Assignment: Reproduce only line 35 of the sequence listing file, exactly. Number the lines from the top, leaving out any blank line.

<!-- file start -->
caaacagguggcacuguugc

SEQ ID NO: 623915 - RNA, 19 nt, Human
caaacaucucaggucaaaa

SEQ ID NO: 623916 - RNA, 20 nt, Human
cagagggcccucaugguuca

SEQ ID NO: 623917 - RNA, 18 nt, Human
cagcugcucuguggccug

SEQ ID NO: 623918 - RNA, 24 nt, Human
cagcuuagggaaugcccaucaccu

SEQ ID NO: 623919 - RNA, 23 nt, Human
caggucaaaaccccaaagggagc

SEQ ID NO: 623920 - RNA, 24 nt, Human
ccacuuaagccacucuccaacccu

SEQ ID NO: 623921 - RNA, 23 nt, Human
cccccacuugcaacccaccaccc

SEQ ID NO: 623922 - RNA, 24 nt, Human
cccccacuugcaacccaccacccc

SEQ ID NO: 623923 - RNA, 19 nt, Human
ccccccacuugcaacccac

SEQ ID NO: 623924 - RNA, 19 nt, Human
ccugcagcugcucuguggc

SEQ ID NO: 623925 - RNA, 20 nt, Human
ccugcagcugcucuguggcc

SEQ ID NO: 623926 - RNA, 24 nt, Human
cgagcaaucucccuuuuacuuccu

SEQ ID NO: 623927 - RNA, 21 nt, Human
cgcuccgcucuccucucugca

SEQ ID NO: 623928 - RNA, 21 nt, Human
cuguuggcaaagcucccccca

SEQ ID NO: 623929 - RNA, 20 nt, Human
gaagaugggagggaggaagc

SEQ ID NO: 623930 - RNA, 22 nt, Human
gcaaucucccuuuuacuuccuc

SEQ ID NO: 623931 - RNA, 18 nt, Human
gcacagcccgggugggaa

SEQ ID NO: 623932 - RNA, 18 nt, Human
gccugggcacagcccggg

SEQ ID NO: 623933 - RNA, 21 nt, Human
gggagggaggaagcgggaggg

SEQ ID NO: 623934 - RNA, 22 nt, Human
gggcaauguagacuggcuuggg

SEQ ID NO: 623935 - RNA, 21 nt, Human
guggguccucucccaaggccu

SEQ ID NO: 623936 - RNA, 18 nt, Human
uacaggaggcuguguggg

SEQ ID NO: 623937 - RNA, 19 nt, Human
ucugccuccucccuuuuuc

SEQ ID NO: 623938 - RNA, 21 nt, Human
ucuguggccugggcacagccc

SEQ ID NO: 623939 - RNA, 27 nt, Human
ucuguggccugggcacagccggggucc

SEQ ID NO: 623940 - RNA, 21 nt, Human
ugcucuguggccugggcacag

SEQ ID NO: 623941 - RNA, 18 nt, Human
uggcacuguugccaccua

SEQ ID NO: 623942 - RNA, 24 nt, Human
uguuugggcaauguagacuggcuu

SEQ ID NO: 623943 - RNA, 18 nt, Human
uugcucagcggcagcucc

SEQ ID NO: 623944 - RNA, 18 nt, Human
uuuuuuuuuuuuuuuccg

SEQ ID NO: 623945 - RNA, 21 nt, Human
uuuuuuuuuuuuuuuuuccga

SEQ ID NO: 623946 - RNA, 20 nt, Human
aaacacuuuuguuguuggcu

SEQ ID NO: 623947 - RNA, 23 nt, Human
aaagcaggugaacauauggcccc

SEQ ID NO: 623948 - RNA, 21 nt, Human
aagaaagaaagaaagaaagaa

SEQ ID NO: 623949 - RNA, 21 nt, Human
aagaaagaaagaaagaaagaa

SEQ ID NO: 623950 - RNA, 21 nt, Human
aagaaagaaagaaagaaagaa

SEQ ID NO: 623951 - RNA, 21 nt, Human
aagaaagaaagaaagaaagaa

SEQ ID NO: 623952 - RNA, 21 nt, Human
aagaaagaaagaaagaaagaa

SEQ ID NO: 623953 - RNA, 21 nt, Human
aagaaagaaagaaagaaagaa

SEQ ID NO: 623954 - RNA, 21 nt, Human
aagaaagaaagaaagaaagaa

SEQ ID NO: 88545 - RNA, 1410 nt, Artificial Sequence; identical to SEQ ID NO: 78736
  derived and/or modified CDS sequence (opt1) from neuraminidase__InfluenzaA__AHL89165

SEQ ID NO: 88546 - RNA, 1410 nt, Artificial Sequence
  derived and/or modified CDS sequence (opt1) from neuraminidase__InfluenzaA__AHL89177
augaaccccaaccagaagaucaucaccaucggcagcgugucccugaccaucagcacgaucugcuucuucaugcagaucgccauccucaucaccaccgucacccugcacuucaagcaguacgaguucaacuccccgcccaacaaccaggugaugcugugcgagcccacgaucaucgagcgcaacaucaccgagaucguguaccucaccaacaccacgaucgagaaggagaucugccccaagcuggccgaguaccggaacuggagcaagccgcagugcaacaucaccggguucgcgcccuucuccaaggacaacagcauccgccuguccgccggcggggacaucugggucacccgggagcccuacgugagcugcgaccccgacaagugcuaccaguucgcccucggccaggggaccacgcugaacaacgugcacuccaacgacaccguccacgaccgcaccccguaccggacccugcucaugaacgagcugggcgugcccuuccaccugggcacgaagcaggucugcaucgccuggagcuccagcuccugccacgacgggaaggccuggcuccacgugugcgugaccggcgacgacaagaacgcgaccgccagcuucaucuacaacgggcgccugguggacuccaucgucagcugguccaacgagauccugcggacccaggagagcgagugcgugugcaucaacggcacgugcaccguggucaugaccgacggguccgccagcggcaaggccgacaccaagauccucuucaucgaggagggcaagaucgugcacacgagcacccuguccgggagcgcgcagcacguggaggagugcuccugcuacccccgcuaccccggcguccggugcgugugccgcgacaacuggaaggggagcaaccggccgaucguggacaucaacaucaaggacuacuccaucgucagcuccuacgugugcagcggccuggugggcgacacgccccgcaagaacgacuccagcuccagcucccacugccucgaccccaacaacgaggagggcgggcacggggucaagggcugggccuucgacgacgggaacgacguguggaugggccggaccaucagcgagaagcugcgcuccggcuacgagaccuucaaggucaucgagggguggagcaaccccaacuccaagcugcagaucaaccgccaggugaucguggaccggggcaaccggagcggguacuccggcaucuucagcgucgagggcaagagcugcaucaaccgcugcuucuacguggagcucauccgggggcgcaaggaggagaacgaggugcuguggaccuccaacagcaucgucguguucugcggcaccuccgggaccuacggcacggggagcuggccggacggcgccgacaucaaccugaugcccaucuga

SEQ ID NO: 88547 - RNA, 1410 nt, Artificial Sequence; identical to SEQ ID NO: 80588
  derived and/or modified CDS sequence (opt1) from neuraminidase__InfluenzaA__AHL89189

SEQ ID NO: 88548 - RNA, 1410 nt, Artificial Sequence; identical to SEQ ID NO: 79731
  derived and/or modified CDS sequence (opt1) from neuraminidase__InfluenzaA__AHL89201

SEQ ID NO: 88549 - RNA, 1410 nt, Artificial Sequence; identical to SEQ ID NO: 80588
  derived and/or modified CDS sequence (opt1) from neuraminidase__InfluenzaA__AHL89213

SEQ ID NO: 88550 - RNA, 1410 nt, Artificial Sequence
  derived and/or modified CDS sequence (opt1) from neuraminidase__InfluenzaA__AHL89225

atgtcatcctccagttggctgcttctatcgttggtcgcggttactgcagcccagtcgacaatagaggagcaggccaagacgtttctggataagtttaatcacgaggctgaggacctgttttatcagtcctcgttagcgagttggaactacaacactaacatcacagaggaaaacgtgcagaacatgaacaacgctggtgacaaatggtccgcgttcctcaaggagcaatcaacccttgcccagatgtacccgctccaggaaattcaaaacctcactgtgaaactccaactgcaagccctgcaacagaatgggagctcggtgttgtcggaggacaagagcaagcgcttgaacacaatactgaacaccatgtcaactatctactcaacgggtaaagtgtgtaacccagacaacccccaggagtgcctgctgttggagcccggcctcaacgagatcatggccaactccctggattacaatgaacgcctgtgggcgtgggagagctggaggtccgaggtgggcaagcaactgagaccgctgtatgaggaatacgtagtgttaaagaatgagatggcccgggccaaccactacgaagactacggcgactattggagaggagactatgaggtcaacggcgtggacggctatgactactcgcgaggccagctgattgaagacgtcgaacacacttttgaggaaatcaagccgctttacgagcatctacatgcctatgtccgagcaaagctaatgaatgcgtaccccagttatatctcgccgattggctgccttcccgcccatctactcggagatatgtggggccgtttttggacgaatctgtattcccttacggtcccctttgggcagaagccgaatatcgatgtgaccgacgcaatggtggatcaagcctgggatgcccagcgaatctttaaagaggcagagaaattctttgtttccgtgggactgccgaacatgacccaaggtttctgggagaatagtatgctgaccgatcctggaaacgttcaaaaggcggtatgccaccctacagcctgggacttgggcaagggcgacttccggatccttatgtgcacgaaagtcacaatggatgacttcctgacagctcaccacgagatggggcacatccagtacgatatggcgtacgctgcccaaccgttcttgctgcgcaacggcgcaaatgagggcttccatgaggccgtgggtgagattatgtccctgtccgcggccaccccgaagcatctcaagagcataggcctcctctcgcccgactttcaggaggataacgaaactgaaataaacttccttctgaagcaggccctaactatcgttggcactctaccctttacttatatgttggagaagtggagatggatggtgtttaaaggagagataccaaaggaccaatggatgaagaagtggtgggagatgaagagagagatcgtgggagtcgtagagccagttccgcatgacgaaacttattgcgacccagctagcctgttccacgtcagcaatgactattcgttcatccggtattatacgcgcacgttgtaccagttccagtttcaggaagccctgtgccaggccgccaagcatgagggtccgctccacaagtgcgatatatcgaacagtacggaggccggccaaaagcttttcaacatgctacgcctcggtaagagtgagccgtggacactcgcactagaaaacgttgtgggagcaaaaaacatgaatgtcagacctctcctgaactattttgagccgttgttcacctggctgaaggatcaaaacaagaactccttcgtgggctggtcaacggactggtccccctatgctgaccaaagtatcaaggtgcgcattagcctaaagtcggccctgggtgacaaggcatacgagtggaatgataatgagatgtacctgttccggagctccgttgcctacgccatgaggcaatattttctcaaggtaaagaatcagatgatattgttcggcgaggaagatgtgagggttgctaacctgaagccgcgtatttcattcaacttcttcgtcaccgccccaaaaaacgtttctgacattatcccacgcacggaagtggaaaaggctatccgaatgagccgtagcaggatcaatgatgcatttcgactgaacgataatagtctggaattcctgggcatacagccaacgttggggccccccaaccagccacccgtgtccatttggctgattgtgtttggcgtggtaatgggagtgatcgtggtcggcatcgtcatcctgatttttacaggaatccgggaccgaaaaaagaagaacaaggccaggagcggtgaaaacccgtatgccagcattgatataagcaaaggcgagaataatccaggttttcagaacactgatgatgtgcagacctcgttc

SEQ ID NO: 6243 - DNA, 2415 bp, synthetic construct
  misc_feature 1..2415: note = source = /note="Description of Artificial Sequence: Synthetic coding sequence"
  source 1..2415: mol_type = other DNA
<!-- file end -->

gcacagcccgggugggaa